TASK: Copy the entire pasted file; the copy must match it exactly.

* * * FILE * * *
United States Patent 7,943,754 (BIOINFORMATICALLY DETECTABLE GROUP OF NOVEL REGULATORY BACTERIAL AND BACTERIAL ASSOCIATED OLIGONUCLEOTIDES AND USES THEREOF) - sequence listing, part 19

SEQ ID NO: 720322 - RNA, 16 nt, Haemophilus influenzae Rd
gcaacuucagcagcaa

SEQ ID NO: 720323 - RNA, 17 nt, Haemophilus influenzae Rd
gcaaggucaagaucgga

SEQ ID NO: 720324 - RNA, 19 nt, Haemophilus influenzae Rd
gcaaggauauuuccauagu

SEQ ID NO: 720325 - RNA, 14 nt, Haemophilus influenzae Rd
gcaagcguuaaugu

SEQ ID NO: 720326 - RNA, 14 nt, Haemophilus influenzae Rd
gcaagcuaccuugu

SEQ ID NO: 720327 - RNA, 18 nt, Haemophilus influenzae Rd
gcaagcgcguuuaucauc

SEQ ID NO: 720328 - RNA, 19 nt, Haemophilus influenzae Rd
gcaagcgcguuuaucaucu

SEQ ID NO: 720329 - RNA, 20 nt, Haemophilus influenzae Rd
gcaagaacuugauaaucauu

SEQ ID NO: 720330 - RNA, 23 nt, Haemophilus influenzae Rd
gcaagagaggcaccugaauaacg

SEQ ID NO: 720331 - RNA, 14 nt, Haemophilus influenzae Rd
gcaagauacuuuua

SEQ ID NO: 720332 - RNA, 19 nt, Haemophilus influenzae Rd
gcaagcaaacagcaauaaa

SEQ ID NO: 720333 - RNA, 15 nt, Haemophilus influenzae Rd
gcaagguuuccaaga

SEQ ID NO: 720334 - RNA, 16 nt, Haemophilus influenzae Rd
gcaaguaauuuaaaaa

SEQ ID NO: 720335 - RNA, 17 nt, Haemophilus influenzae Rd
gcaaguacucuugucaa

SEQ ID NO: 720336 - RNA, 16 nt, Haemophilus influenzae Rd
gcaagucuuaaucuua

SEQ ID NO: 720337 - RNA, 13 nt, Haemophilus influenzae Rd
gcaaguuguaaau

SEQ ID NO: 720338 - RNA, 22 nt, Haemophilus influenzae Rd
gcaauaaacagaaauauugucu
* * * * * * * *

United States Patent 7,943,754 (BIOINFORMATICALLY DETECTABLE GROUP OF NOVEL REGULATORY BACTERIAL AND BACTERIAL ASSOCIATED OLIGONUCLEOTIDES AND USES THEREOF) - sequence listing, part 19

SEQ ID NO: 720322 - RNA, 16 nt, Haemophilus influenzae Rd
gcaacuucagcagcaa

SEQ ID NO: 720323 - RNA, 17 nt, Haemophilus influenzae Rd
gcaaggucaagaucgga

SEQ ID NO: 720324 - RNA, 19 nt, Haemophilus influenzae Rd
gcaaggauauuuccauagu

SEQ ID NO: 720325 - RNA, 14 nt, Haemophilus influenzae Rd
gcaagcguuaaugu

SEQ ID NO: 720326 - RNA, 14 nt, Haemophilus influenzae Rd
gcaagcuaccuugu

SEQ ID NO: 720327 - RNA, 18 nt, Haemophilus influenzae Rd
gcaagcgcguuuaucauc

SEQ ID NO: 720328 - RNA, 19 nt, Haemophilus influenzae Rd
gcaagcgcguuuaucaucu

SEQ ID NO: 720329 - RNA, 20 nt, Haemophilus influenzae Rd
gcaagaacuugauaaucauu

SEQ ID NO: 720330 - RNA, 23 nt, Haemophilus influenzae Rd
gcaagagaggcaccugaauaacg

SEQ ID NO: 720331 - RNA, 14 nt, Haemophilus influenzae Rd
gcaagauacuuuua

SEQ ID NO: 720332 - RNA, 19 nt, Haemophilus influenzae Rd
gcaagcaaacagcaauaaa

SEQ ID NO: 720333 - RNA, 15 nt, Haemophilus influenzae Rd
gcaagguuuccaaga

SEQ ID NO: 720334 - RNA, 16 nt, Haemophilus influenzae Rd
gcaaguaauuuaaaaa

SEQ ID NO: 720335 - RNA, 17 nt, Haemophilus influenzae Rd
gcaaguacucuugucaa

SEQ ID NO: 720336 - RNA, 16 nt, Haemophilus influenzae Rd
gcaagucuuaaucuua

SEQ ID NO: 720337 - RNA, 13 nt, Haemophilus influenzae Rd
gcaaguuguaaau

SEQ ID NO: 720338 - RNA, 22 nt, Haemophilus influenzae Rd
gcaauaaacagaaauauugucu